Last week I got more of that crazy mail I have described earlier. I am sitting in my office, minding my own [actually, my clients’] business, and then open the mail. I have a package. The government [USCIS San Diego office, this time] does something so kooky that the next two hours have to go to correcting their error.
A client was granted a permanent residence visa. The visa was issued. Then the government issues a document threatening to revoke the underlying petition, a “Notice of Intent to Revoke?’ What is the ramification of revoking a petition after a visa is issued? Unchartered waters, for sure. The Notice of Intent to Revoke provides for 15 days to respond. Think of the jam that puts everyone in. The Notice is prepared and dated. It is placed in the mail a day later and delivered a day or two after that. Already two or three days are eaten up. Then to contact the client, get an appointment scheduled, discuss the issues, analysis, gather papers, write up a response, in just a handful of days. But, we do it and I get it into the mail.
I know what you are saying. “Why not hand-deliver it? You will know it got there. Your office is two blocks away.” The reason, USCIS does not accept hand delivered documents. To them it is more efficient to have everything go through the mail. Despite everyone’s experience, nothing gets lost in the mail, the mail room process is infallible – the mail room staff are the most competent and highest trained of all the agency’s workers. That’s why everyone works their way up to CEO from mail rooms.
All that effort to get the response delivered by the short response date. The next week, I get a package. The response is returned by the mail room. A sheet is stapled to the front of the packet. I am told that inquiries cannot be sent to the USCIS office. Inquiries are made by phone to a 800 number.
I had not sent an inquiry. I sent a response to a Notice of Intent to Revoke a petition. What explanation could there be for sending it back? The cover letter was entitled, “Response to Notice of Intent to Revoke.” A “Bin Laden Determined To Strike in U.S” degree of clarity in the title. The same efficient governmental interpretation. The packet included a copy of the Notice of Intent to Revoke directly under the cover letter. Everything indicated the packet was sent to the right place for a reason. Nonetheless, it was rejected.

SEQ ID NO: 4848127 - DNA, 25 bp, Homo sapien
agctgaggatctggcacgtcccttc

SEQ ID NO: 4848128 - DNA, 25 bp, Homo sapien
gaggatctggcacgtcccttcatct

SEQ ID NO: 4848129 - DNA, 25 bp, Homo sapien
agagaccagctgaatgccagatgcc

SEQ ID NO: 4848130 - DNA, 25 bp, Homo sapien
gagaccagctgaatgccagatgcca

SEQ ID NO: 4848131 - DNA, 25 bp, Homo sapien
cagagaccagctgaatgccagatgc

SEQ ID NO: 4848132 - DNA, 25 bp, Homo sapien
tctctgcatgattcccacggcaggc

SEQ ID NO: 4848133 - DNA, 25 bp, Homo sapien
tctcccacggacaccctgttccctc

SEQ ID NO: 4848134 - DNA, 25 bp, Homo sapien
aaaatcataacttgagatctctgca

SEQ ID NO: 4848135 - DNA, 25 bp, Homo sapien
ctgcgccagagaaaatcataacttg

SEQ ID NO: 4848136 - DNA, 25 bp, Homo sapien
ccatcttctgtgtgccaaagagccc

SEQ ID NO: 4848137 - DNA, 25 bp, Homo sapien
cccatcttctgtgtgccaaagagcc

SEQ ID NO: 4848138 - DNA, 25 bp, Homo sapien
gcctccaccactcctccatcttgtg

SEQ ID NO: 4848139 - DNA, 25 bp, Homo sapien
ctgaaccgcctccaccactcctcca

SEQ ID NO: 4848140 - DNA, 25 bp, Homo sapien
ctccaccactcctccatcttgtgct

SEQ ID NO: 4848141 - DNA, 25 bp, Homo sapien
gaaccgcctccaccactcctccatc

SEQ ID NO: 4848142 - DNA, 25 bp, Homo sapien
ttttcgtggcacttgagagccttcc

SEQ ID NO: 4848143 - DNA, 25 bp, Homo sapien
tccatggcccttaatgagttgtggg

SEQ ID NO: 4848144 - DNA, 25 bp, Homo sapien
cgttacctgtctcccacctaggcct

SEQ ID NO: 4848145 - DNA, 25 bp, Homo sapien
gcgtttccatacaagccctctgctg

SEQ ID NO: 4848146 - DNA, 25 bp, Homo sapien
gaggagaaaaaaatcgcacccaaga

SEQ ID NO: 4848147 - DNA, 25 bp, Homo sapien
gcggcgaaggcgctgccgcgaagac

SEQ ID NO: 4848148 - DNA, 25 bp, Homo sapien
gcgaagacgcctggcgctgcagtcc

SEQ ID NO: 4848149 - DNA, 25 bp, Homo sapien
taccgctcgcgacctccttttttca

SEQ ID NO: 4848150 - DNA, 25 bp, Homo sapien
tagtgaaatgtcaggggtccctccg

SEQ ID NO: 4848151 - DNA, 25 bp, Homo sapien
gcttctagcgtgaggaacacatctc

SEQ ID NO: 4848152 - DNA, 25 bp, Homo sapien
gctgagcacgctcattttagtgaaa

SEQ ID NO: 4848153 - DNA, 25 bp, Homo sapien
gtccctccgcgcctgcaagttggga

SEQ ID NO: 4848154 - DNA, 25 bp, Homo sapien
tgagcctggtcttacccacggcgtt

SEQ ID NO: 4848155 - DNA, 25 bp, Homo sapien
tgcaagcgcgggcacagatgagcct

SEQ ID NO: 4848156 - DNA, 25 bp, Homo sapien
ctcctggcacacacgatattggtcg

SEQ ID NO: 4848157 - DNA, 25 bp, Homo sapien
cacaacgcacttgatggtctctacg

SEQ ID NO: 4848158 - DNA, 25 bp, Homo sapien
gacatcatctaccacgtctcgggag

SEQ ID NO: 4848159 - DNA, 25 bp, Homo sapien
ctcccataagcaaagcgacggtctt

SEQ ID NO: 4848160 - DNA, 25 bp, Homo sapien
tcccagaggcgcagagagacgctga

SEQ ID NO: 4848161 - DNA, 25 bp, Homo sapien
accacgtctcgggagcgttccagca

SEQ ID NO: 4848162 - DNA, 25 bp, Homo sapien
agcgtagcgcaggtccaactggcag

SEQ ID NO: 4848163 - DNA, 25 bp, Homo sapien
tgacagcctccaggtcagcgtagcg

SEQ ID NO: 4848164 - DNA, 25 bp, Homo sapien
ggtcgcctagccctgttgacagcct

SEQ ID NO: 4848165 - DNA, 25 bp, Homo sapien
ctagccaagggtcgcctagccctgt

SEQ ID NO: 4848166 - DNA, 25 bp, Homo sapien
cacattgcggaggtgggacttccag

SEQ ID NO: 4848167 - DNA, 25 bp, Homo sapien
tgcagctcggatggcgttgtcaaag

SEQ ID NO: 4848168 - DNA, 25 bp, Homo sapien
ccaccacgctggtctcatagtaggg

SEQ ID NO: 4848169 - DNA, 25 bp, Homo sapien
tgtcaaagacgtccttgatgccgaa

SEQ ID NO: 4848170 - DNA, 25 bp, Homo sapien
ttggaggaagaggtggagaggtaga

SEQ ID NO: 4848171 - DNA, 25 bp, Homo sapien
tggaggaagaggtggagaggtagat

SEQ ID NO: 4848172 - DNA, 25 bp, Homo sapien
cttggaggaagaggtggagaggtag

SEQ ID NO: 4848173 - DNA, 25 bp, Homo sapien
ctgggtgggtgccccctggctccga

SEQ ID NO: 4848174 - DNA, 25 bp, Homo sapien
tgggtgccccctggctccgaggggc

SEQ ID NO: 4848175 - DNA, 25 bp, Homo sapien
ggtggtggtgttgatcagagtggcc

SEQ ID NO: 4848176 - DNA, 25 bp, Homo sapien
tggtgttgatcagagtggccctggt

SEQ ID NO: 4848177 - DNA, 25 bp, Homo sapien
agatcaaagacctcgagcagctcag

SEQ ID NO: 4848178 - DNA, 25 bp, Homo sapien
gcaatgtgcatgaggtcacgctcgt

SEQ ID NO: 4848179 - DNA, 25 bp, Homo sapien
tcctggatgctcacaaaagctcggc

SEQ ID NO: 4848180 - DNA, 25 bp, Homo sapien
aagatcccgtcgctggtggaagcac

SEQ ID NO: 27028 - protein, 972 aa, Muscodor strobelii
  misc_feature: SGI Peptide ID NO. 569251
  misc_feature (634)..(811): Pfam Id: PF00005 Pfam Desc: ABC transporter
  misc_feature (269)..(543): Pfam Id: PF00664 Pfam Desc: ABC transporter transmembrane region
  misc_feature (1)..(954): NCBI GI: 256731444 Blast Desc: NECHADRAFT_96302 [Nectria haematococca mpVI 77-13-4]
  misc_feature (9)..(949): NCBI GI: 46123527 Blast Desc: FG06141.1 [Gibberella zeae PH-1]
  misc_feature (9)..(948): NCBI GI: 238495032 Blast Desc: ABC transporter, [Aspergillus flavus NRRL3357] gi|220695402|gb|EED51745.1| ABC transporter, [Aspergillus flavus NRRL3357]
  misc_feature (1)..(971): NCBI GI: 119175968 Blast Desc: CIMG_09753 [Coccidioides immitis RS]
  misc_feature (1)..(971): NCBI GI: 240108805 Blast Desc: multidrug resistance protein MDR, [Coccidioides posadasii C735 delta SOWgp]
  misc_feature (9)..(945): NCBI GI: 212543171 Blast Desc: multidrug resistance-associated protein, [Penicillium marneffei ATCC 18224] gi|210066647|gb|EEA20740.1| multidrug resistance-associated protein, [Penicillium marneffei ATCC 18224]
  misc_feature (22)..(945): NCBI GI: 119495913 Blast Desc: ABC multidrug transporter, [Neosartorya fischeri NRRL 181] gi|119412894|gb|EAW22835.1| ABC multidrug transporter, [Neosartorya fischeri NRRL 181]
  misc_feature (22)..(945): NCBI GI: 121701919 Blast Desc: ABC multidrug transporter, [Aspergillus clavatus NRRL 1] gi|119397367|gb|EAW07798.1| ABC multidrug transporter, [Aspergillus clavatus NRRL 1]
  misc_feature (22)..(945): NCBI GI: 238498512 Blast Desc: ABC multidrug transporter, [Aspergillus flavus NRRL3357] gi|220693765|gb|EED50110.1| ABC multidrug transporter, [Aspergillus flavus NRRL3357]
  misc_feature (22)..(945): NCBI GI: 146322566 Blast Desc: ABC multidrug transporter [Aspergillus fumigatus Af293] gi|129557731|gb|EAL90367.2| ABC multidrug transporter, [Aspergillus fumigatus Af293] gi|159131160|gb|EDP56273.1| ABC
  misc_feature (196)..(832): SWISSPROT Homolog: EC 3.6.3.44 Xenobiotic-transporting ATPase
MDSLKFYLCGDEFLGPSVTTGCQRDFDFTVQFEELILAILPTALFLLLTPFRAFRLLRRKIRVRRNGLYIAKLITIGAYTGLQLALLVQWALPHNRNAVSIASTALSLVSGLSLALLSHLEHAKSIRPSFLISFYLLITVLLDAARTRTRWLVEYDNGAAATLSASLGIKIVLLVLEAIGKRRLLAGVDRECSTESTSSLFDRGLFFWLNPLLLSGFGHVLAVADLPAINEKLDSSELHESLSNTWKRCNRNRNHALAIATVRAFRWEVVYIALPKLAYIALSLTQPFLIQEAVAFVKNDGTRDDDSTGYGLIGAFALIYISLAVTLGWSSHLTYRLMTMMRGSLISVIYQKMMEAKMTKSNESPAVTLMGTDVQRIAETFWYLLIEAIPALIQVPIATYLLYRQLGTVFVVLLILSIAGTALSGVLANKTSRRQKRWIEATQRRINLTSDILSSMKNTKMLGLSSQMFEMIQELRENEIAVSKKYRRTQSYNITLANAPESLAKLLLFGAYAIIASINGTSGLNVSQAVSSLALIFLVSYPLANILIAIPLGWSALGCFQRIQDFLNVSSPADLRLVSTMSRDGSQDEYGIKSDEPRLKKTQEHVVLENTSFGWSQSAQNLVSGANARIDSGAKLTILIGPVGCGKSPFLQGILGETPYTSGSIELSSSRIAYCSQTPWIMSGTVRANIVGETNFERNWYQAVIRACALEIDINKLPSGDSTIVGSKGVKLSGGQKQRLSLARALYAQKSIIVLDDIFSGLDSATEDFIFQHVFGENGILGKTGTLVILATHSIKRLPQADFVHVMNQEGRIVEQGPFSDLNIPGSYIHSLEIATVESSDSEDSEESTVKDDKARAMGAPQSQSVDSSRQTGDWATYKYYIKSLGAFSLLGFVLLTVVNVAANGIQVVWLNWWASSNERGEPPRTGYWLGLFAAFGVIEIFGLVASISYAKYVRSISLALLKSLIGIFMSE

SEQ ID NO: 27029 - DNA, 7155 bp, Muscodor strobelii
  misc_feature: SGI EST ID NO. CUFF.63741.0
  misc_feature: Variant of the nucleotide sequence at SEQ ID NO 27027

And then the two hours is eaten up. I get online to make an appointment to see someone at USCIS. I rush over. I wait for my appointment. I explain the situation – it takes a little time because I have to overcome the presumption that the “Service” is right and the customer is wrong and misunderstanding the process. The package is accepted and the officer says he will route to where it was supposed to go. Then I fill out a customer service form – USCIS asserts it wants to know. Then because the stakes are so high – I send emails to the officers in charge to let them know what has happened.
Do I get a phone call back telling me the submission is now properly submitted? An assurance that the rejection will result in a denial for late filing? An apology for rejecting the submission? An apology for wasting my perfectly good afternoon? How about a reconsideration of the ridiculous policy of not accepting documents in person? Nothing yet. November 2, 2009.